Laptops

Huawei MateBook X Pro review: The MacBook of Windows

2018’s surprise hit

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As a long-time Windows user, I have to admit, I’ve always dreamed of having a Windows version of Apple’s MacBook. The Pro model in particular is an awesome fusion of sturdy hardware and precise software. Dell’s XPS line was often the best Windows had to offer, but they never quite hit every checkbox.

Surprise, surprise: Huawei came up with the closest thing to the MacBook of Windows yet. Yes, Huawei makes laptops; they don’t just specialize in smartphones and sick burns.

It’s called the MateBook X Pro, and it’s the successor to 2017’s MateBook X, which didn’t experience much fanfare outside of China. There was also a regular MateBook in 2016, but it was more of a Surface Pro competitor than a full-fledged notebook.

The MateBook X Pro has been available in select regions for a while now, garnering positive reviews and calls from fans to bring it to their shores. But why is it so coveted? Let me give you the reasons why, as well as some deeper-rooted cons.

Nothing beats its display

There’s so much to love about the MateBook X Pro, but I’m gonna go with the display as its best feature. The 13.9-inch 3K (3000 x 2000 pixels) touchscreen is enough to wow anyone who sees it. Even better: It’s got the highest screen-to-body ratio of any laptop today at 91 percent.

This is as bezel-less as it gets, and there’s no notch to interfere with the sleek design. Where does the webcam go then? Well…

Huawei picked the most unusual webcam location

If you’ve watched our hands-on video, you’d already know what to expect. The webcam pops up with the press of a button between the F6 and F7 keys. It’s innovative and totally bonkers. Check it out:

But as cool as it is — and trust me, I’ve wowed lots of people with this — I still would’ve preferred a top-mounted placement. I’d add a couple of millimeters on the top bezel to house a proper camera.

A login method I can get behind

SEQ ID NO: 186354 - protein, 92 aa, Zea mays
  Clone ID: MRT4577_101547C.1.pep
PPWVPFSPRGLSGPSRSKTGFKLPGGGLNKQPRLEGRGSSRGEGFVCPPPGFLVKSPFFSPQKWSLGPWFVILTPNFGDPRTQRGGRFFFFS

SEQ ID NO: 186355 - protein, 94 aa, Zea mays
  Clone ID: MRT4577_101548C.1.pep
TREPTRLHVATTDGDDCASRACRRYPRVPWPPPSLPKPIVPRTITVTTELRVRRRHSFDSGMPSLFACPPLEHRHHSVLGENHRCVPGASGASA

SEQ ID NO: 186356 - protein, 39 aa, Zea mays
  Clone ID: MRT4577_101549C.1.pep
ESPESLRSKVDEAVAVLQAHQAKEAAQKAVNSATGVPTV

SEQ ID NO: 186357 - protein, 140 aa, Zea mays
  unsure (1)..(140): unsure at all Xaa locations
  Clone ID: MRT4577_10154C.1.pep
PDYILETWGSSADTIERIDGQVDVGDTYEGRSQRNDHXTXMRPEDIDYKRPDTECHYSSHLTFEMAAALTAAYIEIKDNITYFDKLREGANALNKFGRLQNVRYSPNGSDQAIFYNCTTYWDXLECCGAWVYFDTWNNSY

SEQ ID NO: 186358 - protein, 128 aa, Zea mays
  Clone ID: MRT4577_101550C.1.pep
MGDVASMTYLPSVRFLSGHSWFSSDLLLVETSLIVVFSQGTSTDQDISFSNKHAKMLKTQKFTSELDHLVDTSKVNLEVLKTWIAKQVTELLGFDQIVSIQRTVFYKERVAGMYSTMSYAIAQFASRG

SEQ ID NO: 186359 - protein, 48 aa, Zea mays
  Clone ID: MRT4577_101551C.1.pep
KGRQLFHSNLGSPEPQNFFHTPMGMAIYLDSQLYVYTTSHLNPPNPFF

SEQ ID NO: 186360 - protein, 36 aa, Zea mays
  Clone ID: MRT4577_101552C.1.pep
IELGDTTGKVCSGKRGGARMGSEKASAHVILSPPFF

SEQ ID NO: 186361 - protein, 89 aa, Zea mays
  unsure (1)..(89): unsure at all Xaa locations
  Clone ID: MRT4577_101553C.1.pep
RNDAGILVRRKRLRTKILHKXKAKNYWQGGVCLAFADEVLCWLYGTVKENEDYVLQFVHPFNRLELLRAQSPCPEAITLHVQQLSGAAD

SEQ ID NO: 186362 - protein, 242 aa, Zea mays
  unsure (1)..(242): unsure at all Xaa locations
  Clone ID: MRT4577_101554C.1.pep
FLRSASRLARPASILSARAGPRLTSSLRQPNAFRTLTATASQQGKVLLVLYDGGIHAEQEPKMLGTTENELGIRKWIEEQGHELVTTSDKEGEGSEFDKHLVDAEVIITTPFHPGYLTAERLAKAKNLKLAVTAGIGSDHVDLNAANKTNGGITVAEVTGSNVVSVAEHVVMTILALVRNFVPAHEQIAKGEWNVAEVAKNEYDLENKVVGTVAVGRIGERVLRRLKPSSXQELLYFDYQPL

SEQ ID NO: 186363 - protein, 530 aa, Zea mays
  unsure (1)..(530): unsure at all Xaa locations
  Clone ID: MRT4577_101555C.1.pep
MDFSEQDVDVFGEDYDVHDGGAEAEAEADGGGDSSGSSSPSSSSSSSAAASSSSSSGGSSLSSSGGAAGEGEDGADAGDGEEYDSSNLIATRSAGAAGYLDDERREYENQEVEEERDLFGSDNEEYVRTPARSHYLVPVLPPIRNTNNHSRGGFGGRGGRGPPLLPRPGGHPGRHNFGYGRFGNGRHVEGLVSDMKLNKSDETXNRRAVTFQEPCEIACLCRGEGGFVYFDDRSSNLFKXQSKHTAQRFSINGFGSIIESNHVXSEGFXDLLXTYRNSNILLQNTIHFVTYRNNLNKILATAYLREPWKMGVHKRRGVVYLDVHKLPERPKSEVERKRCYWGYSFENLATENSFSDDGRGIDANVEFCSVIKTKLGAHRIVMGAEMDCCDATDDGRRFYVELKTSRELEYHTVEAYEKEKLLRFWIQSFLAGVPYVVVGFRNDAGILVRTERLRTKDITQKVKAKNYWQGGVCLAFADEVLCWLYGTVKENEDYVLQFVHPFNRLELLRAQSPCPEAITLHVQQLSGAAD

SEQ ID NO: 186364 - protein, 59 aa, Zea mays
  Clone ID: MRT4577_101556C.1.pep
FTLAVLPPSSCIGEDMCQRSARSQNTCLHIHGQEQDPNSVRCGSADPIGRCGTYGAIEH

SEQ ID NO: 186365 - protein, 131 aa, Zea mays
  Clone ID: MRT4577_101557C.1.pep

Perhaps the biggest reason why I’m not a fan of the pop-up camera is that I can’t log in with my face the moment the laptop enters the lockscreen. It’s something I’ve enjoyed on every Windows Hello-enabled notebook I’ve used up until now, mainly those from ASUS and Lenovo.

To remedy that, Huawei integrated a fast fingerprint reader into the power button. If you leave your finger on the button a second longer when turning on the PC, it’ll bring you straight to the desktop — such a time-saver!

Keyboard and trackpad are top-notch

As someone who needs to write and edit articles on a daily basis, I consider the reliability of the keyboard and trackpad as priorities in a computer. Fortunately for me, this MateBook ticks both boxes with flying colors.

While not MacBook Pro levels of quality, the keyboard has just the right amount of travel and it’s so well-spaced — plus, there’s backlighting for when I work in the dark. The trackpad is massive for Windows laptop standards, and its use of Microsoft’s precision touchpad drivers means gesture control and navigation are easy peasy.

Speaker you wouldn’t expect from an Ultrabook

One of the first things normally given up when going for a slim form factor is the speaker setup. That’s not the case with the MateBook X Pro, which has some of the loudest units I’ve ever heard on an Ultrabook.

There are four in total, all Dolby Atmos-certified, making them loud and crisp. Combined with the immersive display, I’ve turned this into my go-to binge-watching machine.

No port problems here

A gripe of mine with newer laptops is the over-reliance on USB-C as the one, true port. Although I agree it’s the present and future of wired connectivity, I still want my USB-A on board.

That’s exactly the case with this notebook: It has two USB-C ports — one that allows charging and the other with Thunderbolt 3 support for plugging in an external GPU or monitor — and a full-sized USB-A for old flash drives and printers. It’s the best of both worlds, and there’s even a 3.5mm audio port so you won’t have to rely on the older Bluetooth 4.1 standard this MateBook uses for wireless headphones.